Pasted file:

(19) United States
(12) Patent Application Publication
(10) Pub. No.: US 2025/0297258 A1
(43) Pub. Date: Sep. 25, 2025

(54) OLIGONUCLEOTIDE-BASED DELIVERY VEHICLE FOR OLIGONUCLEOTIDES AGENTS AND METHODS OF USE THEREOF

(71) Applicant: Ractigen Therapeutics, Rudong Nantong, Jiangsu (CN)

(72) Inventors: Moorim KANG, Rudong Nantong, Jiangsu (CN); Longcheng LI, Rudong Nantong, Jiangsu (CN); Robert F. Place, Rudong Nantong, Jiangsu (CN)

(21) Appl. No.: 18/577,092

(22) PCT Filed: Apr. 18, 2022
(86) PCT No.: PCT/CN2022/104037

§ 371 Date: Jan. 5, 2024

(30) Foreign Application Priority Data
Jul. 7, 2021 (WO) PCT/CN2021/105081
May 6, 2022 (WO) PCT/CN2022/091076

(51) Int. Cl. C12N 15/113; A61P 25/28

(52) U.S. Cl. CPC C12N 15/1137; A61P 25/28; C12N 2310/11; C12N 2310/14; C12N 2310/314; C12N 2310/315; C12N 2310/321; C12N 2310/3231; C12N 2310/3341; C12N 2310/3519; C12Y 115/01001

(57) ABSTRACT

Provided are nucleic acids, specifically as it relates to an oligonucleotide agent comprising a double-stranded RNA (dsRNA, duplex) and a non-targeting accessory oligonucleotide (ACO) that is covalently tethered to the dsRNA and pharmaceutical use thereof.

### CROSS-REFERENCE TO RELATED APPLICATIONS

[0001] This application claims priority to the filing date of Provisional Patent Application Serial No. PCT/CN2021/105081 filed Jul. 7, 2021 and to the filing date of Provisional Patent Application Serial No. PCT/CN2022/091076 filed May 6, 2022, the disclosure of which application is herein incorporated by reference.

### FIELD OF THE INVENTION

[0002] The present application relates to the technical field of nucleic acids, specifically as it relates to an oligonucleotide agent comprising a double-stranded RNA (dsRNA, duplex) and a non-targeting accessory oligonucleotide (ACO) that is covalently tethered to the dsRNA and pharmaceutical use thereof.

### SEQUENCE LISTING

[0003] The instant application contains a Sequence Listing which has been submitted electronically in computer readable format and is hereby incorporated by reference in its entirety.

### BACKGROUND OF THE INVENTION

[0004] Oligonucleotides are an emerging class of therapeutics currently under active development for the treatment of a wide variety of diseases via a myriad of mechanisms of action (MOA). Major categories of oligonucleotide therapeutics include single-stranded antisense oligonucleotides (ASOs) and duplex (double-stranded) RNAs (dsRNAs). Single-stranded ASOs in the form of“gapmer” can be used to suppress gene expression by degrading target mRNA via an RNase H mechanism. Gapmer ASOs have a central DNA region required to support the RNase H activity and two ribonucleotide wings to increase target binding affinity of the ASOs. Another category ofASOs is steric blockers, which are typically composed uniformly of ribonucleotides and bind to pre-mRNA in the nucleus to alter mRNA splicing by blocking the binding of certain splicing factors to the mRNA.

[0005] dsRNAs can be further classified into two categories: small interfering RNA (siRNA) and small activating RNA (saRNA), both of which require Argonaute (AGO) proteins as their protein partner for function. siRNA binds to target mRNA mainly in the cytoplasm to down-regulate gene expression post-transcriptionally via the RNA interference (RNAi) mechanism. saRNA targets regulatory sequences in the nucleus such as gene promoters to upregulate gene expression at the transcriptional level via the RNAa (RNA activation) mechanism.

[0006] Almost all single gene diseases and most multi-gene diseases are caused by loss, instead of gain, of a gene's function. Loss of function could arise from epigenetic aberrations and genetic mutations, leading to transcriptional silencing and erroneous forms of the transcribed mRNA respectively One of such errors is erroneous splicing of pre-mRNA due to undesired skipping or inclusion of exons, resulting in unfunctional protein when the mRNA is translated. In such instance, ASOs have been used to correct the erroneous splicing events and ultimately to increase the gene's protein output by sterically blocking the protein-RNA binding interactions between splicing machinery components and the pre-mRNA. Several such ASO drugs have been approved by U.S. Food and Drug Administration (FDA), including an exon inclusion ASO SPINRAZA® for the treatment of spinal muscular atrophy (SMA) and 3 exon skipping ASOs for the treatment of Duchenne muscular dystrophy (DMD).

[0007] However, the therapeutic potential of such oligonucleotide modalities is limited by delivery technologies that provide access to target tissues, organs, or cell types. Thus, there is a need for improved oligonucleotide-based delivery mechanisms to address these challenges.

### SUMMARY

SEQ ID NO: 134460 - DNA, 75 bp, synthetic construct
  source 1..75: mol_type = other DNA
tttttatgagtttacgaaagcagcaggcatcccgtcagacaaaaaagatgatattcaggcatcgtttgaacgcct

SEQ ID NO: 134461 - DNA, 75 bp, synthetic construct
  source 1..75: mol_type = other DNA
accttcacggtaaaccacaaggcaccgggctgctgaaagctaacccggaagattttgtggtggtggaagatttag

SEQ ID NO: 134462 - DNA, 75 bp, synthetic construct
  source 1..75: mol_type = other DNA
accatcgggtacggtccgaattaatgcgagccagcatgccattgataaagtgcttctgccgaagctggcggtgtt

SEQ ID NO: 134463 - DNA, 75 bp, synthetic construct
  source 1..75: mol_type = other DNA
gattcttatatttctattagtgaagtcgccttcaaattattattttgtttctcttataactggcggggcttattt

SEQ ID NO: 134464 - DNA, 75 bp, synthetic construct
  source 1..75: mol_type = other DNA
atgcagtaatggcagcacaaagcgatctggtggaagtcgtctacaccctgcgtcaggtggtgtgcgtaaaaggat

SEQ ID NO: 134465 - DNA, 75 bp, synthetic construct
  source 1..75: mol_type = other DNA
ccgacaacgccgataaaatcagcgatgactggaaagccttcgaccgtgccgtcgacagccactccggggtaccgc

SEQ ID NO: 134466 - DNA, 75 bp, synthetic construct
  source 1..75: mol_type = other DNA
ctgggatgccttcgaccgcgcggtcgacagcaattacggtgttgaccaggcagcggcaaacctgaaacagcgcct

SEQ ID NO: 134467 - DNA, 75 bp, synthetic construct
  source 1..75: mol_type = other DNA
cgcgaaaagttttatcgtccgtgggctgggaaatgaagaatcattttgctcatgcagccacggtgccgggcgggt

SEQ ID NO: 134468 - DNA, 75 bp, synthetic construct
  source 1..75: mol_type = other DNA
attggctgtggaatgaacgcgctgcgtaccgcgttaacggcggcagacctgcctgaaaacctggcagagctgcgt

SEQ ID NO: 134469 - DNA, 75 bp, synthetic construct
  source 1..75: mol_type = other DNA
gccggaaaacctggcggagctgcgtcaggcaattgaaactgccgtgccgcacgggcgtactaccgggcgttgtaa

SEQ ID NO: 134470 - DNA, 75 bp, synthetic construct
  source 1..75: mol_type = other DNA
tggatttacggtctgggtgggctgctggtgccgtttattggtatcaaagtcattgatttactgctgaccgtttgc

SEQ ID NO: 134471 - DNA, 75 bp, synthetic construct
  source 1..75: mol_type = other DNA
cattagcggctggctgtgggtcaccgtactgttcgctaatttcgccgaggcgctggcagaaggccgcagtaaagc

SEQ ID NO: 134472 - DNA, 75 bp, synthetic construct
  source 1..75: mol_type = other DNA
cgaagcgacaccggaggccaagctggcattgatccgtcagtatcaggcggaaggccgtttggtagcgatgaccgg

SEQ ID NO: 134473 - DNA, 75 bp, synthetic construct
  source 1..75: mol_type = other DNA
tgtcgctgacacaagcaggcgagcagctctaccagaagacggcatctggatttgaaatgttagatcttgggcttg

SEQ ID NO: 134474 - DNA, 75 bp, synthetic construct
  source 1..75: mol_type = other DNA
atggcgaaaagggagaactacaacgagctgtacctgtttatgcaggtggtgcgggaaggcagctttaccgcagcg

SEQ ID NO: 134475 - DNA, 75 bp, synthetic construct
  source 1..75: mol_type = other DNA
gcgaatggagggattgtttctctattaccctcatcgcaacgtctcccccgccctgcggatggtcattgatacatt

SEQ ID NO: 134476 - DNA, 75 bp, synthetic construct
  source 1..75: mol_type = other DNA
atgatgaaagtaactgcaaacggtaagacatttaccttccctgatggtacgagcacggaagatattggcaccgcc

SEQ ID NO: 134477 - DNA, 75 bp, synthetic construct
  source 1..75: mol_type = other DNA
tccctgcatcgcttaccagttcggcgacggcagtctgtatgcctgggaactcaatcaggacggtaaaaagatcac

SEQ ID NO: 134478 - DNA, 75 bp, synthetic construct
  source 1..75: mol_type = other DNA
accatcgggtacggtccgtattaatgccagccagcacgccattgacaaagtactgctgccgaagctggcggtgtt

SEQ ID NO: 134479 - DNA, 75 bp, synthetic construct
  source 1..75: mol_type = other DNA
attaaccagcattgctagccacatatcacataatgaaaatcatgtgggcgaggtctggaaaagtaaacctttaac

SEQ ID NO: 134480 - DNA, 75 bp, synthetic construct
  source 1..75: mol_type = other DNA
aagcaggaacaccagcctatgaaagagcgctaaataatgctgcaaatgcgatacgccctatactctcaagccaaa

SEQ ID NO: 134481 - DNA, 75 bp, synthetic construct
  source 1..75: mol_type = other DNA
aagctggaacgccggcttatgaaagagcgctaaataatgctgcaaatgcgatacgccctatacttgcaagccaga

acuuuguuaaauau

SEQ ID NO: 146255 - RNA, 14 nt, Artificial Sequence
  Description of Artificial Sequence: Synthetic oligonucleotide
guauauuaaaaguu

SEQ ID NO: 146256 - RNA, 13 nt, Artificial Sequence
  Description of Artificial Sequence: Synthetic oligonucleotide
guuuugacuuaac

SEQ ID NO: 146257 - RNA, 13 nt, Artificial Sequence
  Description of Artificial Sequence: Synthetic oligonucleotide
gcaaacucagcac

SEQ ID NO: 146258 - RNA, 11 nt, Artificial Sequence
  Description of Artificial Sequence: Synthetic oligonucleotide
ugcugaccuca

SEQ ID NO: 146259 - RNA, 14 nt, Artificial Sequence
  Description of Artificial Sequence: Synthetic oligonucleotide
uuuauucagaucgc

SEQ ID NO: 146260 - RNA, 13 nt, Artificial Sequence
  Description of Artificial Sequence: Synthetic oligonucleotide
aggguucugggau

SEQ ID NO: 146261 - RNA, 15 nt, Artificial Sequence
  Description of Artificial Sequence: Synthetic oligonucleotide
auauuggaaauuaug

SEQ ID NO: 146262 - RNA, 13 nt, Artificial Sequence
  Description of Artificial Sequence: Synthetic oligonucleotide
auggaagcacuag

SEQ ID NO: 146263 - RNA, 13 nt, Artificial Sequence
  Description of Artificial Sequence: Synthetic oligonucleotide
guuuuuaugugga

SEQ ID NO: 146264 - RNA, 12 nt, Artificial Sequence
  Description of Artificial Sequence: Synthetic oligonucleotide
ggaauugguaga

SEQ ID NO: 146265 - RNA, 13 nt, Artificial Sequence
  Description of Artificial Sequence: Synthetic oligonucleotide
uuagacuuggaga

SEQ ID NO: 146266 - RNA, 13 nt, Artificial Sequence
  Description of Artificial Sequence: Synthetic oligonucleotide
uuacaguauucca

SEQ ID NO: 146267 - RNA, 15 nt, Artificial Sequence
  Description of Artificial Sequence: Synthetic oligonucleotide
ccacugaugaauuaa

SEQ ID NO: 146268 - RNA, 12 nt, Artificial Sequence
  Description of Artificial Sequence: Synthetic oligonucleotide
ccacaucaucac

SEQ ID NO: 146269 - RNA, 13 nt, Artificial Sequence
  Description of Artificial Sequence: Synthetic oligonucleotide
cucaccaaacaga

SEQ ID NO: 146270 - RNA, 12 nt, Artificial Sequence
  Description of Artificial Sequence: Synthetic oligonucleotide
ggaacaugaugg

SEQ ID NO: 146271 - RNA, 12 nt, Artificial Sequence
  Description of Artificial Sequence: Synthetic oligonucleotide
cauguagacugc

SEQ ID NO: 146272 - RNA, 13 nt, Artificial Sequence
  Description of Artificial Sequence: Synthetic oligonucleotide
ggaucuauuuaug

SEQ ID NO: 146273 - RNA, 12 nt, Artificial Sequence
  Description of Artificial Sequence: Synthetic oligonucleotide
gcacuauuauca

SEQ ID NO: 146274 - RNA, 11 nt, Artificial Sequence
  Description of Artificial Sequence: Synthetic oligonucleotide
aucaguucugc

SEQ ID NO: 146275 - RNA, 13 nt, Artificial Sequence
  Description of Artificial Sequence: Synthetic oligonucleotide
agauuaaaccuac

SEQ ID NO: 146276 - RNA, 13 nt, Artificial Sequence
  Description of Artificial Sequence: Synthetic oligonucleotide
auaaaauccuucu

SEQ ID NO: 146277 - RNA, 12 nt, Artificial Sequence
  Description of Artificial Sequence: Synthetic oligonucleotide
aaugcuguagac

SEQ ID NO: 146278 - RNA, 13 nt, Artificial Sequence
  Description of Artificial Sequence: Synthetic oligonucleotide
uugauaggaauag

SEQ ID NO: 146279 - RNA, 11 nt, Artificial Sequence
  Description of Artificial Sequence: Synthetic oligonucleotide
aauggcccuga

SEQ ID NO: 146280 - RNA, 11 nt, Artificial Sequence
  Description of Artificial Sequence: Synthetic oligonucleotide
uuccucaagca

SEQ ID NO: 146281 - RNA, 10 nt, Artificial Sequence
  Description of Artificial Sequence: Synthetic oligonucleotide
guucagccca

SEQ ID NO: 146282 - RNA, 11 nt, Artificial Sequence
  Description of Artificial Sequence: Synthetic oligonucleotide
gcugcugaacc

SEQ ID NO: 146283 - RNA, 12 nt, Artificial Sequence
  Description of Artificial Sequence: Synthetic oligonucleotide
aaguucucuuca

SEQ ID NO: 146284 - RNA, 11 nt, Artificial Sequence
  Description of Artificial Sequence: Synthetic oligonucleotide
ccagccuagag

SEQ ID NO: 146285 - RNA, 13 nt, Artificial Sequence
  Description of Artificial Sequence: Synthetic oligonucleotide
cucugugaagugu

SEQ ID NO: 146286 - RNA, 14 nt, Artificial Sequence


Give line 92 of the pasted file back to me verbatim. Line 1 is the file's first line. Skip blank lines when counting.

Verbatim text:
  source 1..75: mol_type = other DNA